Report tegu lizard sightings immediately:
Call the Florida Fish and Wildlife Conservation Commission's invasive species hotline at 1-888-IveGot1 (1-888-483-4681) to report live tegus.
Also visit the EDDMapS site to report positive or suspected tegu sightings: https://www.eddmaps.org/report/. You will need to sign up and create an account (which only takes a few minutes) to make a report. Ideally, please upload a digital image of the lizard with your report. If you prefer to submit reports from your smartphone, simply download the free IveGot1 application to your iPhone from the App Store. For android phones, the IveGot1 application can be found at the Google Play store.
The Argentine black-and-white or giant Argentine tegu (Salvator merianae), native to South America, was brought to Florida for the pet trade and has become established in four areas of the state: southern Miami-Dade County, southwest Charlotte County, west-central Hillsborough County, and eastern St. Lucie County. Tegus are now listed as a Prohibited Species in Florida and may not be possessed without a permit from the Florida Fish and Wildlife Conservation Commission. Individual lizards belonging to this species and two other tegu species have also been captured across the Florida peninsula, with numerous records from the Panhandle. These large lizards grow to 4–5 feet long and may weigh as much as 10 lbs. Argentine black-and-white tegus eat fruits and invertebrates as well as small mammals, amphibians, and reptiles. They also consume reptile and bird eggs. Tegus could negatively impact threatened and endangered species, including gopher tortoises—they are known to eat small tortoises. Tegus have been observed eating alligator eggs and could be a problem for threatened American crocodiles in southern Florida. Tegus are opportunistic predators and will also eat carrion (dead animals). They are active during the day and in west-central Florida they inhabit dry uplands with sandy soils, including natural, urbanized, and agricultural areas. In southern Florida, they occur in densely vegetated areas along canals and roadsides. Tegus could potentially become an agricultural pest or a source of bacterial contamination of food crops. These lizards may dig their own burrows but also invade the burrows of native species, such as gopher tortoises. Argentine black-and-white tegus remain underground during late fall and winter months, which allows them to avoid freezing temperatures. As a result, they have the potential to expand their range across much of the Southeast. An established population already exists in southeast Georgia. Female Argentine black-and-white tegus in south Florida mature in 2-3 years and lay approximately 30 eggs per clutch in the spring and summer. They may live 15–20 years.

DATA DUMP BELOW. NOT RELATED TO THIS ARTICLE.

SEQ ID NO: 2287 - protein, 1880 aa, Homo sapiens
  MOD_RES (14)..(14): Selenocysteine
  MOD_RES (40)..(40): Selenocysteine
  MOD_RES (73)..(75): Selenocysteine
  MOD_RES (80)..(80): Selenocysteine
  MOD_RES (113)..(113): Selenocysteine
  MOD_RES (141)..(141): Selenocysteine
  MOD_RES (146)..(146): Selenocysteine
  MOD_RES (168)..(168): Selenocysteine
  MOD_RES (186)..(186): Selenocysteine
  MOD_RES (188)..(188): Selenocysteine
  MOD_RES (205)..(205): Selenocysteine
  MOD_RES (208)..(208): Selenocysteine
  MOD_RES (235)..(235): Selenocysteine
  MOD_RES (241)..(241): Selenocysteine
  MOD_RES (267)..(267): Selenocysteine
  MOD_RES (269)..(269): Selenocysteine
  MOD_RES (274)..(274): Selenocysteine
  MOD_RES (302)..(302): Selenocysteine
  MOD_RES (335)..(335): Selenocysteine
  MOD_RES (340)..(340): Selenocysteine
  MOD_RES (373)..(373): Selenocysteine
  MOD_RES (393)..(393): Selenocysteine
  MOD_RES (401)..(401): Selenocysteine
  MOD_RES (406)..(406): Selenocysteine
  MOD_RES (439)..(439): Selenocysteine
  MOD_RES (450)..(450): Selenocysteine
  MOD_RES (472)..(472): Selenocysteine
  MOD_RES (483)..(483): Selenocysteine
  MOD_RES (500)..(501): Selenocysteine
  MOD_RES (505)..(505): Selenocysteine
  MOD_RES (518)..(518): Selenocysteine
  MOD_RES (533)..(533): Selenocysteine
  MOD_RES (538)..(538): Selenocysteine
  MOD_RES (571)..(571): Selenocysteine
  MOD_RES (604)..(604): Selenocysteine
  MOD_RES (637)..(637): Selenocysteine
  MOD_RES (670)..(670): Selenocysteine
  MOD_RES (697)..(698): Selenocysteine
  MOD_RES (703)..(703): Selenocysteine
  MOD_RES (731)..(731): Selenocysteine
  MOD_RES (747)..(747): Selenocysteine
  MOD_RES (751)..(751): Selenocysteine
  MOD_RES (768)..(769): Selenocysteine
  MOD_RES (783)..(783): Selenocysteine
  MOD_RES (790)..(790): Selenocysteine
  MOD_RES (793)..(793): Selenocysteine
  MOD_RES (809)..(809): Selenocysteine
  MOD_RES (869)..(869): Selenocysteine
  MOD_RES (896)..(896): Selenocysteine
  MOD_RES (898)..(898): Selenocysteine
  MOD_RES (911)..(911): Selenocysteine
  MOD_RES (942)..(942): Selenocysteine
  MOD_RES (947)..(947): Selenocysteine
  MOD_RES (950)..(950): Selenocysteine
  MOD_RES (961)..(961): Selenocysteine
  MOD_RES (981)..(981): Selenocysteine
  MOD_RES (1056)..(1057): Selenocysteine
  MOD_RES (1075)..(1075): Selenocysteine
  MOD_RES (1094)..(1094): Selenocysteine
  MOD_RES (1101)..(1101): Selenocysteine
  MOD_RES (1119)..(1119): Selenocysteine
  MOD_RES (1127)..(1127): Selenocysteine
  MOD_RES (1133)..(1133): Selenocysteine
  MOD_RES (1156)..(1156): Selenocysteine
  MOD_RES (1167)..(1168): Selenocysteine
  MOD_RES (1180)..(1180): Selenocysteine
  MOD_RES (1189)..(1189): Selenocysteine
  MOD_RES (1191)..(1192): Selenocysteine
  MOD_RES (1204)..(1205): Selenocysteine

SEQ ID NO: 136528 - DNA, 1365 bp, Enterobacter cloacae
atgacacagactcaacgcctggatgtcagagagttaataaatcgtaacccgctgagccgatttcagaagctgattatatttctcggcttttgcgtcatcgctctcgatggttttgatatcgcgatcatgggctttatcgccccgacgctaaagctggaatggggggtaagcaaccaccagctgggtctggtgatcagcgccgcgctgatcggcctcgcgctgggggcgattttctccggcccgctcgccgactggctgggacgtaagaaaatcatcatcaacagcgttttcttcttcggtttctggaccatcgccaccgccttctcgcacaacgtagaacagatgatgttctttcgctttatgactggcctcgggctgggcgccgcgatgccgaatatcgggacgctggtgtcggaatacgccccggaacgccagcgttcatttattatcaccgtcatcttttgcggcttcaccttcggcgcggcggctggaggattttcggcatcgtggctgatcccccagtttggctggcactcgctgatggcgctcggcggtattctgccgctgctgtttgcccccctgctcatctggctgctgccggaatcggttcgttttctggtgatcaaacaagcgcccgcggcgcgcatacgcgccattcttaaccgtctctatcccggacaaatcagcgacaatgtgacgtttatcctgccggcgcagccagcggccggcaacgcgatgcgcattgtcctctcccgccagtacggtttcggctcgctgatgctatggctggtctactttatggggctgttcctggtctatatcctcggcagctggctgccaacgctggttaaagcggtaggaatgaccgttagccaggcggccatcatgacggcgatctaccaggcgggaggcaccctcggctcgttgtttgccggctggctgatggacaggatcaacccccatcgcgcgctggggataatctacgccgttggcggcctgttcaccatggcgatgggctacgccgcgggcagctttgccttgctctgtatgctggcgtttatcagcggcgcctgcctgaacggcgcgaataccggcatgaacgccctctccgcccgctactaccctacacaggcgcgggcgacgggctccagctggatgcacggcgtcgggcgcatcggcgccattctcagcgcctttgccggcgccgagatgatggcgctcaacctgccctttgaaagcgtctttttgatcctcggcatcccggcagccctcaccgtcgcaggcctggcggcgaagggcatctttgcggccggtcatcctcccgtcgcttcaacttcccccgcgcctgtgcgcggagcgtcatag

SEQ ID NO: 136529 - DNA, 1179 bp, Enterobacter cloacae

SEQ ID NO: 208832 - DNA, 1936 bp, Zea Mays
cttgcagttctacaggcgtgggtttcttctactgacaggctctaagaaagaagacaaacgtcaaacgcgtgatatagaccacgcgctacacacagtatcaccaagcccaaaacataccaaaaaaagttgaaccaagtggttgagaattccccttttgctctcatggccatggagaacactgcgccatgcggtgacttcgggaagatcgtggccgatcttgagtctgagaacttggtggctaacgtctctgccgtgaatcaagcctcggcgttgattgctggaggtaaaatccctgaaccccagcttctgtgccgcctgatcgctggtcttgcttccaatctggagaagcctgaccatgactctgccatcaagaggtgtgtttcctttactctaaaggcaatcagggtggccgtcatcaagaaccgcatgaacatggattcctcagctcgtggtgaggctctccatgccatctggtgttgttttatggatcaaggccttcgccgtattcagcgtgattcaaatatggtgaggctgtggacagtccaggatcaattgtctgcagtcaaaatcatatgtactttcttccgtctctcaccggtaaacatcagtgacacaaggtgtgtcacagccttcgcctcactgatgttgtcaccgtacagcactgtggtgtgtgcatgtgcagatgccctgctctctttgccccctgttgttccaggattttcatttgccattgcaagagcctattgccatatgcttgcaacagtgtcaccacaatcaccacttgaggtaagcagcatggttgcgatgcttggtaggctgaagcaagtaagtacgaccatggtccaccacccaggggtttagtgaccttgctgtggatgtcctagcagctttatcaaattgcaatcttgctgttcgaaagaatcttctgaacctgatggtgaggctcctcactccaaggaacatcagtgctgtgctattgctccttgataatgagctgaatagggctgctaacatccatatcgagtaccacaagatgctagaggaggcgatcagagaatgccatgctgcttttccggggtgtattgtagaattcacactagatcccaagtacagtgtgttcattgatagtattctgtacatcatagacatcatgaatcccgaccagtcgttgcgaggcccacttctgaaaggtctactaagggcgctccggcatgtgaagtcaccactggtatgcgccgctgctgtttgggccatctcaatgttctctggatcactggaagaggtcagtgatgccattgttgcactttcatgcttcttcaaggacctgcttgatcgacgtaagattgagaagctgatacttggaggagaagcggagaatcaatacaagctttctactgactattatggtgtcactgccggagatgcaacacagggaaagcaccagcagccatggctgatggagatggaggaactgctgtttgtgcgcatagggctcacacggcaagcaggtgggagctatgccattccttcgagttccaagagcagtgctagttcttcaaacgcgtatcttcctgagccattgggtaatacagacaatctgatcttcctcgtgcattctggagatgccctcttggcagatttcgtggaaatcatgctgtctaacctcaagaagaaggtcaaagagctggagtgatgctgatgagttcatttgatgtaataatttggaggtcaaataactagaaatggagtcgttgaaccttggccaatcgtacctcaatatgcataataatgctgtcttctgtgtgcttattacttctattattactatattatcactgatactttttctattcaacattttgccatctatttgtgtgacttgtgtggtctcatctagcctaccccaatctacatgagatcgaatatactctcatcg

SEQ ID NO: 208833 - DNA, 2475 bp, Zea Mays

Learn more about Argentine black and white tegus, including what to do with a pet tegu you are no longer able to care for, at this site: https://myfwc.com/wildlifehabitats/profiles/reptiles/argentine-black-and-white-tegu/
This project was made possible in part by a grant from the South Florida National Parks Trust and the Ferris Greeney Family Foundation, and by the USDA-RREA. This document was created as additional reference material for the Introduced Reptile Early Detection and Documentation training program, also known as REDDy, which has since been retired and is no longer available.